Ophelia’s landfall near Emerald Isle, N.C., around 6:15 a.m. ET on Saturday, brought maximum winds of 70 mph. The storm’s path through central North Carolina resulted in downed trees and further power outages. Notably, in Raleigh, Ophelia exceeded records, dumping over 3 inches of rain on Saturday. This broke the area’s daily rainfall record, set back in 1906, by more than an inch. Nearby Fuquay-Varina received nearly 5 inches of rainfall.

Central and Southern Virginia Affected

Severe weather slams Central Virginia: Local residents capture stunning images of damage | WSET

The impact of Ophelia was not confined to North Carolina. Parts of central and southern Virginia also experienced significant rainfall, with accumulations ranging between 3 and 5 inches over the weekend.

Coastal Flooding Warnings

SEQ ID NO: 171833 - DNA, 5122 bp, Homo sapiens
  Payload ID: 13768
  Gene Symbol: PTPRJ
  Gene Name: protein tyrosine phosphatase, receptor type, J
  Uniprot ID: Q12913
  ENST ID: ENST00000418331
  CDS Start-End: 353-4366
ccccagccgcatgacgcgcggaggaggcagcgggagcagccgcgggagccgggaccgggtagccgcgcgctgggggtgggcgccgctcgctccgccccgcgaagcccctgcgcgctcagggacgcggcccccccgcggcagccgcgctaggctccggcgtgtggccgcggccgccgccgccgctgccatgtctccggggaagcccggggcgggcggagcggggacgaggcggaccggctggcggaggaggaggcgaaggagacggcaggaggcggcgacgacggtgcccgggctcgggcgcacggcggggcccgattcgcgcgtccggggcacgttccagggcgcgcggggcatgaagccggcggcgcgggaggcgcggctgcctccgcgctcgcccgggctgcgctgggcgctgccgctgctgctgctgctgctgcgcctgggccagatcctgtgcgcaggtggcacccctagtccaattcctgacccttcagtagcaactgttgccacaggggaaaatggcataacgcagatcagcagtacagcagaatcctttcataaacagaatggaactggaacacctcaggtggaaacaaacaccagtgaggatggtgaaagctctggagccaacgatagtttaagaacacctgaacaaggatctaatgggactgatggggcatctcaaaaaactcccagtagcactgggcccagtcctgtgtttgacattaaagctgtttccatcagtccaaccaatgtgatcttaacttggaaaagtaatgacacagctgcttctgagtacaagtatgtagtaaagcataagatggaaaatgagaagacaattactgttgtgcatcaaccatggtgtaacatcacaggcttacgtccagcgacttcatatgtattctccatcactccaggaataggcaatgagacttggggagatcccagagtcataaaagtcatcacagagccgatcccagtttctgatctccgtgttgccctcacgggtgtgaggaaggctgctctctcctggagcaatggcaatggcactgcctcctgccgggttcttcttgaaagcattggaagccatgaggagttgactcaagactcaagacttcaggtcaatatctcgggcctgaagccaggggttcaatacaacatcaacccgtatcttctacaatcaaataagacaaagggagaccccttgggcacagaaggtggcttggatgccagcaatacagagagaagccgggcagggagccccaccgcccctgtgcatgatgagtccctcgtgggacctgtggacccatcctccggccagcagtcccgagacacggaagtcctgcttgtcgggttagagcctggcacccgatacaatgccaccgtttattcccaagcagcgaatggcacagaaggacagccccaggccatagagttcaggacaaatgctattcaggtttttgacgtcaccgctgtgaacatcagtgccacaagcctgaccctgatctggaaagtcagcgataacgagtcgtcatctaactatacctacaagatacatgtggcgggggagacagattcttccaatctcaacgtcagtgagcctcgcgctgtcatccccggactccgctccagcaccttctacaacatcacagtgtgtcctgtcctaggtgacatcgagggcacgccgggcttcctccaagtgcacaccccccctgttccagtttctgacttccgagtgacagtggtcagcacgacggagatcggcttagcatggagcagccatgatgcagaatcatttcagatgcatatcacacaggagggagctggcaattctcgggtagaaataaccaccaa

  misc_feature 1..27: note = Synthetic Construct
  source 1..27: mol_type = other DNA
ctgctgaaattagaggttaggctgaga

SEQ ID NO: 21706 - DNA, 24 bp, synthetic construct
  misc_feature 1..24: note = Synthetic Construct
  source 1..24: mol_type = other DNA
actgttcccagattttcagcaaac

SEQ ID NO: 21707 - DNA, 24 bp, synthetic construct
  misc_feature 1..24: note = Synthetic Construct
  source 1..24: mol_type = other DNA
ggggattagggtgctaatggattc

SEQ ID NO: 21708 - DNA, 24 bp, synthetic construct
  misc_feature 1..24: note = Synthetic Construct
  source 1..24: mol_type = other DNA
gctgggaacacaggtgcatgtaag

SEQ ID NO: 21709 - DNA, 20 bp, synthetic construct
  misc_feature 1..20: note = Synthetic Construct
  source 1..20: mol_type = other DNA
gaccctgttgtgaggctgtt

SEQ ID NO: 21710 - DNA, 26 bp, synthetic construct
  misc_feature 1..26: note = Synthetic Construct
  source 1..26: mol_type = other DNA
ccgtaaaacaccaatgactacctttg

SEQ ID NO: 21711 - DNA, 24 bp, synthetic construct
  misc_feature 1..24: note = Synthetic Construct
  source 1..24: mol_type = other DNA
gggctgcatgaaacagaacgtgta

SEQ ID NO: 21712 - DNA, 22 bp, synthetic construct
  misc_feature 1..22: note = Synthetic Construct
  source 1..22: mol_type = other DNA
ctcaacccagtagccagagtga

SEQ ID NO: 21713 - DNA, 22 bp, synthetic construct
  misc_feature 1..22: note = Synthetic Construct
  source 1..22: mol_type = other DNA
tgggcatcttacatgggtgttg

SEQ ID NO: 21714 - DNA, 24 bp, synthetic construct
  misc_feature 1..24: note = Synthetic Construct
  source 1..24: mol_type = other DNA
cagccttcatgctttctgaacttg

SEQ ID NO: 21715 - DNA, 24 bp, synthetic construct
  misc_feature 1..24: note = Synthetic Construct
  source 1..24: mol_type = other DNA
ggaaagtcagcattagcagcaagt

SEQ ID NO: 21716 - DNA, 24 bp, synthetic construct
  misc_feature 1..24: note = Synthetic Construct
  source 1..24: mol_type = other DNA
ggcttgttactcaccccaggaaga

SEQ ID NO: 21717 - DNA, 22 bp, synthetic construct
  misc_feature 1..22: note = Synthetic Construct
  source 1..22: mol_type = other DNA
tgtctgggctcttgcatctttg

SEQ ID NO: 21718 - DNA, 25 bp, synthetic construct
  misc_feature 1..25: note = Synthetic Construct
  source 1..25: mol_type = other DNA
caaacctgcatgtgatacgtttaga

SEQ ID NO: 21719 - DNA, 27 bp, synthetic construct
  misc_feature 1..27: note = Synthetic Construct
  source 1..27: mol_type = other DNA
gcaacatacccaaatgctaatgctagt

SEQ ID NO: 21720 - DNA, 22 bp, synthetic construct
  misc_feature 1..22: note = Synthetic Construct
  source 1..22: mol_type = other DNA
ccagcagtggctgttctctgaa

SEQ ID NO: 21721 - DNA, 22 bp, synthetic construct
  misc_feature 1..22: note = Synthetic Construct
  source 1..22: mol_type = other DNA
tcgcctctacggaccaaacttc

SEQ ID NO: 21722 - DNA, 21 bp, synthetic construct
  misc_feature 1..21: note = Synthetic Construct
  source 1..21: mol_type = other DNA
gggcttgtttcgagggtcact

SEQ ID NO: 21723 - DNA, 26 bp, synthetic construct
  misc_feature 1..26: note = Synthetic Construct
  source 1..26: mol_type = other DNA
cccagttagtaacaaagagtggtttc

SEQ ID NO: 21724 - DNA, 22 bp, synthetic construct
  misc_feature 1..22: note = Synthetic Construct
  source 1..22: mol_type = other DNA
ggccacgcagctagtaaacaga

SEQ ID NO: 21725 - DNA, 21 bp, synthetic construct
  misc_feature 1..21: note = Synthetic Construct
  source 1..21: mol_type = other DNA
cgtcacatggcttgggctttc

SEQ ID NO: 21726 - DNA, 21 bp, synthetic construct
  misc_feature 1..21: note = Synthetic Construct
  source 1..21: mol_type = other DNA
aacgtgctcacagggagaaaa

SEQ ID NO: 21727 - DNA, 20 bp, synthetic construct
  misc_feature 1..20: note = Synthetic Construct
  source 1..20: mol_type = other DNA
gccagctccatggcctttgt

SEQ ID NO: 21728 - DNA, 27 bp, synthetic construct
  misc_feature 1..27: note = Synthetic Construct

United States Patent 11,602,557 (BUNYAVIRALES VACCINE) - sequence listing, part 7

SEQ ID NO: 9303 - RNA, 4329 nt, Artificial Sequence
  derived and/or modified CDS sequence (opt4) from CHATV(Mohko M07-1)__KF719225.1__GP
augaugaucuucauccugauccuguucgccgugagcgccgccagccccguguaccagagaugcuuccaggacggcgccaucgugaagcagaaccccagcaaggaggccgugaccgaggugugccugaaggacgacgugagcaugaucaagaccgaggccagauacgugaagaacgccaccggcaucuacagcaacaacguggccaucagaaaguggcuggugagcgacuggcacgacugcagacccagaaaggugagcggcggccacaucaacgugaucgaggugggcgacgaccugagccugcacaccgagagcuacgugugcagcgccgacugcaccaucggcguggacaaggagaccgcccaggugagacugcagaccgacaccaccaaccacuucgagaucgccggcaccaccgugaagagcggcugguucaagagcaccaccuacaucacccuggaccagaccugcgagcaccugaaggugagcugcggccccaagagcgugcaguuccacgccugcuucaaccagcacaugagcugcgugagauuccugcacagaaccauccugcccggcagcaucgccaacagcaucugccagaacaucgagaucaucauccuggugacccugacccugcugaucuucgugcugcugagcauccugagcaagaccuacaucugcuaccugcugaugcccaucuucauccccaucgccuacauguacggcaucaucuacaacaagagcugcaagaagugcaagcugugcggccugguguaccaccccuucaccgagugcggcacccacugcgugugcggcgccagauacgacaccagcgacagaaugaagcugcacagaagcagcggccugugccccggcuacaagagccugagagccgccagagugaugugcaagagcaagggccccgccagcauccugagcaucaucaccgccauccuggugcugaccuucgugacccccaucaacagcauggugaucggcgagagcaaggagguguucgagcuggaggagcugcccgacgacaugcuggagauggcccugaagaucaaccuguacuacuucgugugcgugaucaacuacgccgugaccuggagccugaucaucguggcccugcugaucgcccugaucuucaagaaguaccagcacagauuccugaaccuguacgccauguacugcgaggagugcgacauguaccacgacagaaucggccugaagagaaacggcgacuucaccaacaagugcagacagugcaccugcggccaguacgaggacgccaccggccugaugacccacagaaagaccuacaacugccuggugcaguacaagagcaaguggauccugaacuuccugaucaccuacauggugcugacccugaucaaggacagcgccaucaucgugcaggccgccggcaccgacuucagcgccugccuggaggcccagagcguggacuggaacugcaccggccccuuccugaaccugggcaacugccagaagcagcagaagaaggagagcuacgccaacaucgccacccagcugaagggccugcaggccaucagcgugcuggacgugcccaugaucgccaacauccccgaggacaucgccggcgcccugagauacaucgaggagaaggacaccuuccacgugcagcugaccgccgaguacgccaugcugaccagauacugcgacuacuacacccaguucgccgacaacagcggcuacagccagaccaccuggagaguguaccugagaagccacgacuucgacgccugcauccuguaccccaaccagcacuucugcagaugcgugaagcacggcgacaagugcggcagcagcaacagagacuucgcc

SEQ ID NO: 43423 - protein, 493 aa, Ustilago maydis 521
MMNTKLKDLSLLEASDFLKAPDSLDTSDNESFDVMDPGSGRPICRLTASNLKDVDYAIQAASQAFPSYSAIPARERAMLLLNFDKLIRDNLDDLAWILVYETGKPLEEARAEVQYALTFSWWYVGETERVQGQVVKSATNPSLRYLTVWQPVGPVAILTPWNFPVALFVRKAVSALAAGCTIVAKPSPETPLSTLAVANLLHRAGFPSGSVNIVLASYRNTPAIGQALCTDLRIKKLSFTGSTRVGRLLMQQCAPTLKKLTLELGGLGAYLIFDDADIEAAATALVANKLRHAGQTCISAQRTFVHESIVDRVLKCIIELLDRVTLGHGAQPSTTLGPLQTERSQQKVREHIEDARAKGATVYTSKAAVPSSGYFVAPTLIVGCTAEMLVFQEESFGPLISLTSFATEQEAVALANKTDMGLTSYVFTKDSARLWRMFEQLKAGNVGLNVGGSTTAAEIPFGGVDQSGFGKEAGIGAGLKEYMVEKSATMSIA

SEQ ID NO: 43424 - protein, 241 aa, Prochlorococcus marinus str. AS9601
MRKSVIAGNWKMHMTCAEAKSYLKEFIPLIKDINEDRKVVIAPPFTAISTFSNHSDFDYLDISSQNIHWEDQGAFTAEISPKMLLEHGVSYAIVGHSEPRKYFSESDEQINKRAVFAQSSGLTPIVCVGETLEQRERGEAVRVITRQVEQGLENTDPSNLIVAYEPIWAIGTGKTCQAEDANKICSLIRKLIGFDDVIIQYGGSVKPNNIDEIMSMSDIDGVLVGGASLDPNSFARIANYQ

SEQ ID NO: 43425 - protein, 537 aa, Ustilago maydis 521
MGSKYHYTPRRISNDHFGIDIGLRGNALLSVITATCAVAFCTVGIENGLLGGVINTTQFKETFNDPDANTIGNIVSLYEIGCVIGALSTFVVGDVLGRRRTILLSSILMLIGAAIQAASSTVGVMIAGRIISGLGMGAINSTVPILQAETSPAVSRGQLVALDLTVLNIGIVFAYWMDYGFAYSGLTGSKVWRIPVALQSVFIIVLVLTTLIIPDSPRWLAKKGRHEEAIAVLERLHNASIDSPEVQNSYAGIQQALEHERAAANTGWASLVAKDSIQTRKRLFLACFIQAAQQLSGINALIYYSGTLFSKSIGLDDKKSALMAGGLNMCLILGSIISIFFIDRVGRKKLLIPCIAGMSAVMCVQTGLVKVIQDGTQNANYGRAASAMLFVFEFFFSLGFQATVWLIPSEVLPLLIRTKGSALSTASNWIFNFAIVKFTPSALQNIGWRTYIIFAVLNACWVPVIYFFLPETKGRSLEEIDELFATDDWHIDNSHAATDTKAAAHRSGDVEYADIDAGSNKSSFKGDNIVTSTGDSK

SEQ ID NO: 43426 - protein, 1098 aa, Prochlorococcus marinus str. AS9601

Post-tropical cyclone Ophelia puts millions under coastal flood alerts

A coastal flood advisory was issued for the Delaware beaches until 9 p.m. ET. The National Weather Service anticipated over a foot of rising water near shorelines and tidal waterways, compounding the challenges posed by Ophelia.

Climate Change Connection

Flooding and Climate Change: Everything You Need to Know

It’s crucial to note that the increasing frequency and severity of floods in the U.S. are linked to climate change. The combination of extreme precipitation and rising sea levels underscores the urgency of addressing climate-related challenges.

As the Northeast grapples with the aftermath of Post-tropical Cyclone Ophelia, communities are left to assess the damage and plan for a future where such events may become more frequent. The impact of Ophelia serves as a stark reminder of the importance of preparedness and climate action.

Post-tropical Cyclone Ophelia unleashes heavy rain across the Northeast, leaving in its wake a trail of destruction, power outages, and record-breaking rainfall. This event underscores the need for resilient communities and proactive climate mitigation efforts.

Exploring Ophelia’s Aftermath and Implications

Is Storm Ophelia a post-tropical cyclone?